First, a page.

Researchers who are unable to visit campus in person can contact the department with research requests and staff will work virtually with you.
To book an appointment, please submit an e-mail to firstname.lastname@example.org.
For additional information about the department’s location and opening hours, please review our Visit Us page.
Where is Special Collections & Archives located and what are the department’s opening hours?
The department is located on the first floor (basement) of the Dana Porter Library and is open Monday to Friday from:
9:00 a.m. to 12:00 p.m.
1:00 p.m. to 4:00 p.m.
Appointments are not required but are encouraged.
For additional details, please consult our Visit Us page.
Can I borrow archival material?
Materials in Special Collections & Archives do not circulate, which means that they cannot be signed out or taken home. You are welcome to consult them in our reading room.
Can I eat or drink in the archives?
Eating and drinking are not permitted in the Special Collections & Archives.
Can I use a pen to take notes?
To prevent ink stains on our materials, we do not allow pen use. If you are taking notes by hand, you should use a pencil (we provide these). You are also welcome to take notes electronically.
Outreach and instruction
Can I book a tour of Special Collections & Archives?
Yes, you can book a tour of Special Collections & Archives. Individual and group tours can be arranged by submitting an e-mail to email@example.com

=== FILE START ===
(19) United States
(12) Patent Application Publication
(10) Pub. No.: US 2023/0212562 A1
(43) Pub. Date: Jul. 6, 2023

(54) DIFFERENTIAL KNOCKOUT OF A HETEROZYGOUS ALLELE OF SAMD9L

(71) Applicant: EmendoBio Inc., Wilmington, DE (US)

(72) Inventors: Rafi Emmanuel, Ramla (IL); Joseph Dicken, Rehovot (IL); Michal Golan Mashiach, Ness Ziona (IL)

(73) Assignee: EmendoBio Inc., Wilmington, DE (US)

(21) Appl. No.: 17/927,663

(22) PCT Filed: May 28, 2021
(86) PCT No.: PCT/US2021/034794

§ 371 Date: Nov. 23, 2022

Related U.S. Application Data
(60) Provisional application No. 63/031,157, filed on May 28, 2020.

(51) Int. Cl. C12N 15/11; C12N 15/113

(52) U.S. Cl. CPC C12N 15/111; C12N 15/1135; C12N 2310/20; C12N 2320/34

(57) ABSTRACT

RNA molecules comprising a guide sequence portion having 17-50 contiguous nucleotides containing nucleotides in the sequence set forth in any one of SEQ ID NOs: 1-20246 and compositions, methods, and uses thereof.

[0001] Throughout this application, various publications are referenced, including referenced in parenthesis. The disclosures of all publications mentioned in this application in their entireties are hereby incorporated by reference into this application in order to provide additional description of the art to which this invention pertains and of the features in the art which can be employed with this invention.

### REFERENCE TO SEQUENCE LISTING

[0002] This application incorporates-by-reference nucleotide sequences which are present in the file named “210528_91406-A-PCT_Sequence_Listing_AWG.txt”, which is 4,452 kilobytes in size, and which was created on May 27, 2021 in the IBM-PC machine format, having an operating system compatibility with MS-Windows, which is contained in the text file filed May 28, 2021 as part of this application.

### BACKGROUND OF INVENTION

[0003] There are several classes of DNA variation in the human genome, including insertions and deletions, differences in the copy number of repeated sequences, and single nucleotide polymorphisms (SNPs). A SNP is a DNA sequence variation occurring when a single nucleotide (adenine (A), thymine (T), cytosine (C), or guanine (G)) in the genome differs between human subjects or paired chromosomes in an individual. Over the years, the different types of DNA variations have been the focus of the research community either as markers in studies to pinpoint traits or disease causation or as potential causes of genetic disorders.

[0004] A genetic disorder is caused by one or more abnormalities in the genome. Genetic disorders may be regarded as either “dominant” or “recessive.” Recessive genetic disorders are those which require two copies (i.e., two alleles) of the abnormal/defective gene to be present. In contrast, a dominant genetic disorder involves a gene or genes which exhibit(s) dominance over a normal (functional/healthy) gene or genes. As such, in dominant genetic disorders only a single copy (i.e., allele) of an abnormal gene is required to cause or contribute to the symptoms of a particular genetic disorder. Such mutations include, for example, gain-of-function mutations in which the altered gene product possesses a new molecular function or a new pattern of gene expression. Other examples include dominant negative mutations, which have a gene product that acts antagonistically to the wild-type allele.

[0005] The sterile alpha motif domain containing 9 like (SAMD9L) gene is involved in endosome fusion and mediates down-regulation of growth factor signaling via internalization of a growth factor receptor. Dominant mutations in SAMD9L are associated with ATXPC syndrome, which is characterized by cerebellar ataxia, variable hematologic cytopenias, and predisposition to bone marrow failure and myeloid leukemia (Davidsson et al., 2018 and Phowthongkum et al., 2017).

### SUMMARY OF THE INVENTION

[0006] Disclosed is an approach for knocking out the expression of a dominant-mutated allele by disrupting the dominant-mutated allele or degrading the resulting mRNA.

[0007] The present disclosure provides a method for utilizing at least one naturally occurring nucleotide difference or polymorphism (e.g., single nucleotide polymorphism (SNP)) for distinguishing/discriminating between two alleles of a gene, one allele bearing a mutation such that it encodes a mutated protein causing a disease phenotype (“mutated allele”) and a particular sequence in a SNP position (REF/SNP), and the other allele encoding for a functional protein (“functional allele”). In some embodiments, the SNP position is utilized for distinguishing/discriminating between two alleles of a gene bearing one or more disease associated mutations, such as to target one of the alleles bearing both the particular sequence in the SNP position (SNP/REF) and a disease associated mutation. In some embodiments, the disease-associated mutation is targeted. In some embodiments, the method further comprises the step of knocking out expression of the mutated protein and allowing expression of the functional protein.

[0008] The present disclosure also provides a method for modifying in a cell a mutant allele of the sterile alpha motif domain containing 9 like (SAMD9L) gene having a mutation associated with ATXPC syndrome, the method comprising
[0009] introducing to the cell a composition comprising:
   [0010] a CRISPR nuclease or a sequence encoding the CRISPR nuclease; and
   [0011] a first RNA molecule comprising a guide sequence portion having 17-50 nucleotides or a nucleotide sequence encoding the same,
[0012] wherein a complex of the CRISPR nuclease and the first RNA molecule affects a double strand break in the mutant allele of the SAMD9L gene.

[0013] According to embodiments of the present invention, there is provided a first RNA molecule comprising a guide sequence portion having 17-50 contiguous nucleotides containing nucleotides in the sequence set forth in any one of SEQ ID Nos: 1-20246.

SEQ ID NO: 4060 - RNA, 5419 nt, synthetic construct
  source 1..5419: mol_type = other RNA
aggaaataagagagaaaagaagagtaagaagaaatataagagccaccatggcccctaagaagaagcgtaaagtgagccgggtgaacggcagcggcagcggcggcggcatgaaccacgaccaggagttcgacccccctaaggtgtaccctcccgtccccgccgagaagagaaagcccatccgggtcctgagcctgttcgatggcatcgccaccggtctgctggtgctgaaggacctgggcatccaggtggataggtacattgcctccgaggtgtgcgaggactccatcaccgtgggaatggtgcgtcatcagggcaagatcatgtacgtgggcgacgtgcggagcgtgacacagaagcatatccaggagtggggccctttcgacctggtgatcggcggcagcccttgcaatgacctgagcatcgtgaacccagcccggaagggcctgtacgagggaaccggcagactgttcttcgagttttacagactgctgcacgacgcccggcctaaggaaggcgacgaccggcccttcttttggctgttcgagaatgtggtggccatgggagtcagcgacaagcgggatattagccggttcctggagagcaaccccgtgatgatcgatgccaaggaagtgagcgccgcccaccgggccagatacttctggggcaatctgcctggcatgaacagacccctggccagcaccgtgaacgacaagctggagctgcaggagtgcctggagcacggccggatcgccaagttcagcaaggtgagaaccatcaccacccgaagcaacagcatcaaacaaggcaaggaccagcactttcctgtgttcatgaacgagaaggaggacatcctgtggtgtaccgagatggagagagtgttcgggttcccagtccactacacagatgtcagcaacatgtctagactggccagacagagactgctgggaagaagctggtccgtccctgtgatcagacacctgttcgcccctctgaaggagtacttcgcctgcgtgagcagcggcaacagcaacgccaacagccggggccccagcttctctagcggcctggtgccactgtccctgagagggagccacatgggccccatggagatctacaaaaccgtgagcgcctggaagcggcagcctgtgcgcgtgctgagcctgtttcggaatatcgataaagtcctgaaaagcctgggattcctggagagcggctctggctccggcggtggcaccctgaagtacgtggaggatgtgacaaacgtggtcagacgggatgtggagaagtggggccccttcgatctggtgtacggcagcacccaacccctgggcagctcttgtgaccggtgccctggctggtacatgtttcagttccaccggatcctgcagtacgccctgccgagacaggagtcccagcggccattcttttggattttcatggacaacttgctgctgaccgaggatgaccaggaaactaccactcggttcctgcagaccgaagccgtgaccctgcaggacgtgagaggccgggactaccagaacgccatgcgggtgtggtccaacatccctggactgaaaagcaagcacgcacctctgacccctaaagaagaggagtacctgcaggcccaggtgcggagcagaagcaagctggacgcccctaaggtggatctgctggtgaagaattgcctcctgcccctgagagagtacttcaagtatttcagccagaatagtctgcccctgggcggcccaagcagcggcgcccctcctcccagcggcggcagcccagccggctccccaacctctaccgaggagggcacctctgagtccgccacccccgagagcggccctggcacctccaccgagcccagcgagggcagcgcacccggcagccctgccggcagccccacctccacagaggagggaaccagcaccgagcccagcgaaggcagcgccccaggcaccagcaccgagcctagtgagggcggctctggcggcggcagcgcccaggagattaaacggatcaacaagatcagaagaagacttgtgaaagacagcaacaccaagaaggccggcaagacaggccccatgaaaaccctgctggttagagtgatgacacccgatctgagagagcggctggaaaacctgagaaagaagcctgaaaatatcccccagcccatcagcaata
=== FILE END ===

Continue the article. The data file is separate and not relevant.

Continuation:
For additional information, please visit our Tours page.
Can Special Collections & Archives support in-class or in-library instruction?
We regret that we are unable to provide instruction support during the fall 2023 term, please check back in with us in winter 2024.
Donations, appraisals, and preservation
Who can I contact to discuss donating archival material and published material to Special Collections & Archives?
Please contact Meghan Whitfield with any questions related to the donation of materials.
How can I make a financial donation to Special Collections & Archives?
Please contact Meghan Whitfield for additional information about making a financial donation.
Do you offer evaluations and appraisals of books?
The University of Waterloo Library does not offer evaluations or appraisals.
Many antiquarian book dealers who specialize in valuable and collectible books perform evaluations or appraisals, usually for a fee. There are many sources of information on the Internet about books and book dealers. One starting point is the Antiquarian Booksellers' Association of Canada.
What should I do with my old books and documents?
For information and suggestions about how to deal with the most common problems related to old books, documents, maps, photographs, etc., we recommend you consult Your Old Books, produced by the Rare Books and Manuscripts Section of the Association of College and Research Libraries.
The Canadian Conservation Institute includes a wealth of information about conservation and preservation.